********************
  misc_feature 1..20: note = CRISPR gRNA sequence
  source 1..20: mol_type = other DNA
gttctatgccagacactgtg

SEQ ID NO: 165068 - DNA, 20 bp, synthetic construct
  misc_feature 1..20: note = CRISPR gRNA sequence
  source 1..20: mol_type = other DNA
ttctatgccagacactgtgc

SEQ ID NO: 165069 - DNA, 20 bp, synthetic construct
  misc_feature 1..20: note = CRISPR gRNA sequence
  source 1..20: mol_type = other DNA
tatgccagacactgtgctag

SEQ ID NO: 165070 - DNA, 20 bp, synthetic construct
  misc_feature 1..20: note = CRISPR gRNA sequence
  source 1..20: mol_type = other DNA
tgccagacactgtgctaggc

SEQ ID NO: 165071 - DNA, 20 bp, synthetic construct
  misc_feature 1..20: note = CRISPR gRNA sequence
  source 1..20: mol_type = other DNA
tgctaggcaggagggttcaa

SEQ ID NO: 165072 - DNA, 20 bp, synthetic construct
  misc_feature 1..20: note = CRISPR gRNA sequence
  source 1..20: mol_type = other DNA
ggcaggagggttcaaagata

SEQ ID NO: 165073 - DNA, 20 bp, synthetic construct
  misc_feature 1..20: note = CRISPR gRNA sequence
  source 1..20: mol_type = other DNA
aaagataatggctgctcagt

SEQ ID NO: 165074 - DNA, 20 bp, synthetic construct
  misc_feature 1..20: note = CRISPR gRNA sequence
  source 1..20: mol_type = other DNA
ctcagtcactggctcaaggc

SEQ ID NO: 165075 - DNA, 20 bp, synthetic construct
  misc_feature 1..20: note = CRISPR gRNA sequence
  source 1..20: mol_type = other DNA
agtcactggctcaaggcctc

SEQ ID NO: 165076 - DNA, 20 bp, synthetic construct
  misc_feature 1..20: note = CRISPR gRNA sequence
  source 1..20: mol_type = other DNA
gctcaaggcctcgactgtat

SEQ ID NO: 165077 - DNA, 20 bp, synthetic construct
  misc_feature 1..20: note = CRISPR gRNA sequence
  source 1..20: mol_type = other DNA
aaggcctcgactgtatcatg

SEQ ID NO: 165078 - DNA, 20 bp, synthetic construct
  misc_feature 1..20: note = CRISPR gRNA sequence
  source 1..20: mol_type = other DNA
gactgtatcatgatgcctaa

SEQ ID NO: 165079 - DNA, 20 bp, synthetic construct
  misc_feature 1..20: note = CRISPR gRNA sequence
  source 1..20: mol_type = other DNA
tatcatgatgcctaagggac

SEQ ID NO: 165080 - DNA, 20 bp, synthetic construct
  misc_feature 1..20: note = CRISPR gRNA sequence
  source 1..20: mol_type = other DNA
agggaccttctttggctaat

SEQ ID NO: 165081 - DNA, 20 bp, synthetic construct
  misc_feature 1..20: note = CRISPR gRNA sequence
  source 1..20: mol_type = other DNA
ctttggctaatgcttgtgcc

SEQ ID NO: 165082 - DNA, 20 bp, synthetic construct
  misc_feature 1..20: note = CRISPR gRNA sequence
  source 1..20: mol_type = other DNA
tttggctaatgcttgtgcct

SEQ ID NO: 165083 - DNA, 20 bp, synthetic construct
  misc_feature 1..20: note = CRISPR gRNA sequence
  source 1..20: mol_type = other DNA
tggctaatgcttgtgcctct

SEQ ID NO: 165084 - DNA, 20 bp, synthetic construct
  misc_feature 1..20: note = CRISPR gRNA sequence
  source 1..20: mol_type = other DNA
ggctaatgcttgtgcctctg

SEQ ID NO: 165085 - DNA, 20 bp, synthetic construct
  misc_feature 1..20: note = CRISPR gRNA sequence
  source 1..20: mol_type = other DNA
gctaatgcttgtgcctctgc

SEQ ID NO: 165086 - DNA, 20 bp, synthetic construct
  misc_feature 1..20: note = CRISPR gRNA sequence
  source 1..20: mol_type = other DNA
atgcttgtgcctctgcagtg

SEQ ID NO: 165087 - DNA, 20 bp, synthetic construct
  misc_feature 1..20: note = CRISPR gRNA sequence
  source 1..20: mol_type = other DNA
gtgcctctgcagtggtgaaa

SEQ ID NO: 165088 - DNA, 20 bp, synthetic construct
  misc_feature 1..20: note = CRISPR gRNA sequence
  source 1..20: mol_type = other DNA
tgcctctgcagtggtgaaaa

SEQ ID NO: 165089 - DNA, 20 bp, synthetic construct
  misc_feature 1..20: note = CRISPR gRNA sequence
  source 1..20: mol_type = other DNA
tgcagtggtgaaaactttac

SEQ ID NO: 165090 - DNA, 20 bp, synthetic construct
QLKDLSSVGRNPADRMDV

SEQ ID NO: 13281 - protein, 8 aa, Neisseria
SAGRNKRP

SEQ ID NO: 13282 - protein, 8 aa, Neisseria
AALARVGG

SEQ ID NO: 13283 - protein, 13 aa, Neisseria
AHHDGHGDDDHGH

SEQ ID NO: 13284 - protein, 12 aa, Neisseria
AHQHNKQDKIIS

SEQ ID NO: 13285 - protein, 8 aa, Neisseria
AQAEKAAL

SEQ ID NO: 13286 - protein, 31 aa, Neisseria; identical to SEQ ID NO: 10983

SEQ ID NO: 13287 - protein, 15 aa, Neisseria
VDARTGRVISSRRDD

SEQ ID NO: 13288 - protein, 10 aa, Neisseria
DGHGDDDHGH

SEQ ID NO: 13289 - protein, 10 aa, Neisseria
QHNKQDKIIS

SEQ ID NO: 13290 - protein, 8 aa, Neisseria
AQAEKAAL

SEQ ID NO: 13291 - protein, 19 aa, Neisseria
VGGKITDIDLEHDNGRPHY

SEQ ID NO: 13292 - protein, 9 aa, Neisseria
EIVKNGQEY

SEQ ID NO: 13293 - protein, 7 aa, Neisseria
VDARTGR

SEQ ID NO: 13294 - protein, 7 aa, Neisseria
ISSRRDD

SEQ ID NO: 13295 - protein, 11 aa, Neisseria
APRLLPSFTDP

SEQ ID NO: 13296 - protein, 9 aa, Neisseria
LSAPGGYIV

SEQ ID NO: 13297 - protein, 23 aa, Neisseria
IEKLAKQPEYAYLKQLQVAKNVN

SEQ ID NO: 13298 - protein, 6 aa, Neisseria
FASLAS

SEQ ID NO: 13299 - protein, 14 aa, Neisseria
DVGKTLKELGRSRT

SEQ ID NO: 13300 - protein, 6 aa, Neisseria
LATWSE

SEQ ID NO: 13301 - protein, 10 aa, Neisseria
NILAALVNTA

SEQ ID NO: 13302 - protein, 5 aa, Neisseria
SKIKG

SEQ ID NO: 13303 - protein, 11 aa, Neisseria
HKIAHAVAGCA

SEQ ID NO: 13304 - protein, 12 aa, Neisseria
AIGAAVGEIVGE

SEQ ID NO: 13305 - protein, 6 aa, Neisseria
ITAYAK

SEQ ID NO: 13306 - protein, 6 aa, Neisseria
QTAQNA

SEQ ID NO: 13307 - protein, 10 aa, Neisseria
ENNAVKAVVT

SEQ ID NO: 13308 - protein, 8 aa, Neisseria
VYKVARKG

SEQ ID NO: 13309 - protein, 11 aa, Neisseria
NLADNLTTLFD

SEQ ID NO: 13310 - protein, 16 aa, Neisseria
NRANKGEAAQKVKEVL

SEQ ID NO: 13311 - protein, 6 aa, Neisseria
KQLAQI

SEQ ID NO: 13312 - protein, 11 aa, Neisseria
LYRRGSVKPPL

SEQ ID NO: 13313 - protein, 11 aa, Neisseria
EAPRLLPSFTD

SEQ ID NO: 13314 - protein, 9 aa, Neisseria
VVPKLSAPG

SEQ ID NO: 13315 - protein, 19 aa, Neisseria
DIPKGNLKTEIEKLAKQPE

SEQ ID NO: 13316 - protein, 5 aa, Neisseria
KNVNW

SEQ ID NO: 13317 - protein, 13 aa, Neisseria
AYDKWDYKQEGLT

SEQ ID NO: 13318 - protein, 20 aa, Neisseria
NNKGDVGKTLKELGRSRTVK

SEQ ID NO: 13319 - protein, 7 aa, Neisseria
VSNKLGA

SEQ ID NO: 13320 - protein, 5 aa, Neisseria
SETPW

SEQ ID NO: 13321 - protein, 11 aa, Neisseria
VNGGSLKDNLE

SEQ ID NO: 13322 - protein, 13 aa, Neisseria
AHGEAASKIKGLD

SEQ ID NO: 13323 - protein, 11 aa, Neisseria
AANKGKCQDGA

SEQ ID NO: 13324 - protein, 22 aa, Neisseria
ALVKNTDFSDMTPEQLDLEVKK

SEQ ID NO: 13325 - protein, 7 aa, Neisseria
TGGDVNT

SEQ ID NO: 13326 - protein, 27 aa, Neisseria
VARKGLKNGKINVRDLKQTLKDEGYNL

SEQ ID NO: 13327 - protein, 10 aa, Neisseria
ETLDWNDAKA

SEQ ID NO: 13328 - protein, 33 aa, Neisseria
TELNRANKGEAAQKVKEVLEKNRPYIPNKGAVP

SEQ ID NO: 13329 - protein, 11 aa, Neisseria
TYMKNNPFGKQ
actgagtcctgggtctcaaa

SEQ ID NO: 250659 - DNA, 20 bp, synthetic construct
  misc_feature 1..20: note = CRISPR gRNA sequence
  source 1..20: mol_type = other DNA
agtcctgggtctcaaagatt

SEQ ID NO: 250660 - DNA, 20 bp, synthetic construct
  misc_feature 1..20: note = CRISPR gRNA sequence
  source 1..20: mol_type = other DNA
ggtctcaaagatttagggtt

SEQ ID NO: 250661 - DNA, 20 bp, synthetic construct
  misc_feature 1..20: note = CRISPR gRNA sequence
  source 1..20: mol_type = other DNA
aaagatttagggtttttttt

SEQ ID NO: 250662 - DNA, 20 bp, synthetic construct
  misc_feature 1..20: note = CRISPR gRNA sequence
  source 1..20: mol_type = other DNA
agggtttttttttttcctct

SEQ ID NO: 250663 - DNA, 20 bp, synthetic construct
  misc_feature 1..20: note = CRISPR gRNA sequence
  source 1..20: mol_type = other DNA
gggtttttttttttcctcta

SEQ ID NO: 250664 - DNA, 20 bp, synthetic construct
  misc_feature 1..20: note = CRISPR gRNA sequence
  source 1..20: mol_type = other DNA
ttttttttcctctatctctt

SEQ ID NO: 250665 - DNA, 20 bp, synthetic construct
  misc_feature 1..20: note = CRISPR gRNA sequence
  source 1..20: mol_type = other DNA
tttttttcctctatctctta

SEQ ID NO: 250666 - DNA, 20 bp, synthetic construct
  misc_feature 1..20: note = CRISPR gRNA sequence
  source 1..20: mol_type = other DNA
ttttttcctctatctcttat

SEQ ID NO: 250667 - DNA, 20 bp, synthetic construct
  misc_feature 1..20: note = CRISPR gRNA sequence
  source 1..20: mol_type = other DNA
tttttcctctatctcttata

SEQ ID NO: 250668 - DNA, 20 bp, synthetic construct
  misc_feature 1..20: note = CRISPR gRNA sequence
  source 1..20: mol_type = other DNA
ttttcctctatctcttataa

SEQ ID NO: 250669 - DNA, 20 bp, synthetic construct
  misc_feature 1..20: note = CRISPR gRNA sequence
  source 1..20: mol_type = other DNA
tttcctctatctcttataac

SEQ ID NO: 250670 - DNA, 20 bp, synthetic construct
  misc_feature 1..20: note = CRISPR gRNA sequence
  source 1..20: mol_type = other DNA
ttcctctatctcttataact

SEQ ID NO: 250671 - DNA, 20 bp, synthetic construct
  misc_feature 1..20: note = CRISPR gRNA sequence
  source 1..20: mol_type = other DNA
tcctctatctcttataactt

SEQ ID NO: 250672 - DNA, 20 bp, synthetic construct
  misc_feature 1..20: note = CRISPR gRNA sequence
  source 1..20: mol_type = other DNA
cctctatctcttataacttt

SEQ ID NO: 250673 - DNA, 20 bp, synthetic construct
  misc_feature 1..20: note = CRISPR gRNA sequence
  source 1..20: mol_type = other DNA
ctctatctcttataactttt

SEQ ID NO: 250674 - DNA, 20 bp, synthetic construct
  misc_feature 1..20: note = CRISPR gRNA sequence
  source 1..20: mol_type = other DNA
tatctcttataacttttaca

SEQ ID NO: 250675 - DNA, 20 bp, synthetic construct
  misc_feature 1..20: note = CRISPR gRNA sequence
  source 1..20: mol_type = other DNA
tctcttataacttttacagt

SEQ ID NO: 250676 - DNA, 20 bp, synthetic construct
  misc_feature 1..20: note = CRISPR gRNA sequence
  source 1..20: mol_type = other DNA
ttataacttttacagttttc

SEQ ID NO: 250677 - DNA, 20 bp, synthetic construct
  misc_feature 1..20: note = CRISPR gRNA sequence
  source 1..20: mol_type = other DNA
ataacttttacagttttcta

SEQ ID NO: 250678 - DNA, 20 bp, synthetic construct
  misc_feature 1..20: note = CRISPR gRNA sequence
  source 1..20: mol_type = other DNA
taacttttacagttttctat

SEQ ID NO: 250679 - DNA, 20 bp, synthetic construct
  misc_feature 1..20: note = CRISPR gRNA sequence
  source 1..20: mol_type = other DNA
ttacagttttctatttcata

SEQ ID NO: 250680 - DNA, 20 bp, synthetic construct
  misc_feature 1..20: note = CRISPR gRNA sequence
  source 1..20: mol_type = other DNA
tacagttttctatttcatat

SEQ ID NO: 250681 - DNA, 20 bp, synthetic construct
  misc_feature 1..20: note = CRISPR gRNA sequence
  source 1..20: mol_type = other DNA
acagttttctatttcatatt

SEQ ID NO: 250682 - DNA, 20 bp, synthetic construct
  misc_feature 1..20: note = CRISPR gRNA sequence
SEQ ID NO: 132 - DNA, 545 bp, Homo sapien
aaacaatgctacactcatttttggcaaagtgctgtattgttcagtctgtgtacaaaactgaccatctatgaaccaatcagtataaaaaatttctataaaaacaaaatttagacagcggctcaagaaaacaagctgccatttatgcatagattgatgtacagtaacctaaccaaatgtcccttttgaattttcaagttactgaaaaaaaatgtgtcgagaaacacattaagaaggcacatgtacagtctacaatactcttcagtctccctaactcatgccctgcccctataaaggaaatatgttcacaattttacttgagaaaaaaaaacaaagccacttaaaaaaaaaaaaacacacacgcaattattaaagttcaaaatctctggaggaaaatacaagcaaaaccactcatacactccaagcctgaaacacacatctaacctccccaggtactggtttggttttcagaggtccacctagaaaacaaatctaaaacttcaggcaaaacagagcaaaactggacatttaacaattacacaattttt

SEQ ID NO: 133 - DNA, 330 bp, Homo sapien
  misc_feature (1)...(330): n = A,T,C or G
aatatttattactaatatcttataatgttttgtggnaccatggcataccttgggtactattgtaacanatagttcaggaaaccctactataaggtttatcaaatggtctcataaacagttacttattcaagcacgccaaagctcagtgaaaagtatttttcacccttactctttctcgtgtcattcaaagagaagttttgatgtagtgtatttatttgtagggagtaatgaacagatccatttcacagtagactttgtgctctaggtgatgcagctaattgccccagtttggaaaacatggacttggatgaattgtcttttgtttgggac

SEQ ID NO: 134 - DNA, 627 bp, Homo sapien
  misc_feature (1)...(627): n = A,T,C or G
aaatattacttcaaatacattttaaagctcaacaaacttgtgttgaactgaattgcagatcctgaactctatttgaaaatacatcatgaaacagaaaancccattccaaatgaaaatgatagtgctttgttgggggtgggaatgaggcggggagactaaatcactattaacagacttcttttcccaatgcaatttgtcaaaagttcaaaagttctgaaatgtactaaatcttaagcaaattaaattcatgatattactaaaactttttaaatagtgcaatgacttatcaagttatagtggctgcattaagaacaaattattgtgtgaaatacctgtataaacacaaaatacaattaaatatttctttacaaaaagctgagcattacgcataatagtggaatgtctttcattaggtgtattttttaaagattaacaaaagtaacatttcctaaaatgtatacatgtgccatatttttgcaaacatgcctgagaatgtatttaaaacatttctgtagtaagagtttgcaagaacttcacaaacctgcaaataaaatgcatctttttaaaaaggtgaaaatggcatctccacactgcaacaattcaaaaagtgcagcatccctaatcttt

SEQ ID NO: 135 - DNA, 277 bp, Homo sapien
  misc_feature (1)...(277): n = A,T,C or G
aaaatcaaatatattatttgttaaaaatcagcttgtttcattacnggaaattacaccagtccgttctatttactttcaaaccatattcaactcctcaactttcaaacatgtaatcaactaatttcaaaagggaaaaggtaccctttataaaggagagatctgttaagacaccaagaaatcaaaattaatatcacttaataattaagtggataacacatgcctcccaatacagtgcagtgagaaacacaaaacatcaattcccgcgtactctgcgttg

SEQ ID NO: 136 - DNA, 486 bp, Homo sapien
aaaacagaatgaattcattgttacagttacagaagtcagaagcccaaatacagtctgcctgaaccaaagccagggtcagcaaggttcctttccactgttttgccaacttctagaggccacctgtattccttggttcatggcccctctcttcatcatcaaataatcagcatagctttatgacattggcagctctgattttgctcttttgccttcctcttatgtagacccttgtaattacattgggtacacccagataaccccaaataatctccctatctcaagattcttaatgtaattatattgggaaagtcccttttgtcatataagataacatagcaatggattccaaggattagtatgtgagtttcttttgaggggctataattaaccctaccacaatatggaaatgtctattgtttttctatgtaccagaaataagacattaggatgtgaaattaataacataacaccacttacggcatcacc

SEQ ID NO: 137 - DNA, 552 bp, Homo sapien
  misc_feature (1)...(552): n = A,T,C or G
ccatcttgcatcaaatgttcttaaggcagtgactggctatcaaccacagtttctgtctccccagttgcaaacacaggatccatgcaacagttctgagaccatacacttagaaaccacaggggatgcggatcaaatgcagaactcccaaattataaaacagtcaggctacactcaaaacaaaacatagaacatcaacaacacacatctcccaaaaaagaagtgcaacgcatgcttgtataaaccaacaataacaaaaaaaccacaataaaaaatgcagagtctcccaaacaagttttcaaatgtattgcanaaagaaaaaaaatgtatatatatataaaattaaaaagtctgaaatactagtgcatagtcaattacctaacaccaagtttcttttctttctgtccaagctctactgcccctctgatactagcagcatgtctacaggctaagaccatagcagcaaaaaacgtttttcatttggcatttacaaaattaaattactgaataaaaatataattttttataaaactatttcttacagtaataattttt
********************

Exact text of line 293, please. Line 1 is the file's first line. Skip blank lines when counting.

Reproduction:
aaatattacttcaaatacattttaaagctcaacaaacttgtgttgaactgaattgcagatcctgaactctatttgaaaatacatcatgaaacagaaaancccattccaaatgaaaatgatagtgctttgttgggggtgggaatgaggcggggagactaaatcactattaacagacttcttttcccaatgcaatttgtcaaaagttcaaaagttctgaaatgtactaaatcttaagcaaattaaattcatgatattactaaaactttttaaatagtgcaatgacttatcaagttatagtggctgcattaagaacaaattattgtgtgaaatacctgtataaacacaaaatacaattaaatatttctttacaaaaagctgagcattacgcataatagtggaatgtctttcattaggtgtattttttaaagattaacaaaagtaacatttcctaaaatgtatacatgtgccatatttttgcaaacatgcctgagaatgtatttaaaacatttctgtagtaagagtttgcaagaacttcacaaacctgcaaataaaatgcatctttttaaaaaggtgaaaatggcatctccacactgcaacaattcaaaaagtgcagcatccctaatcttt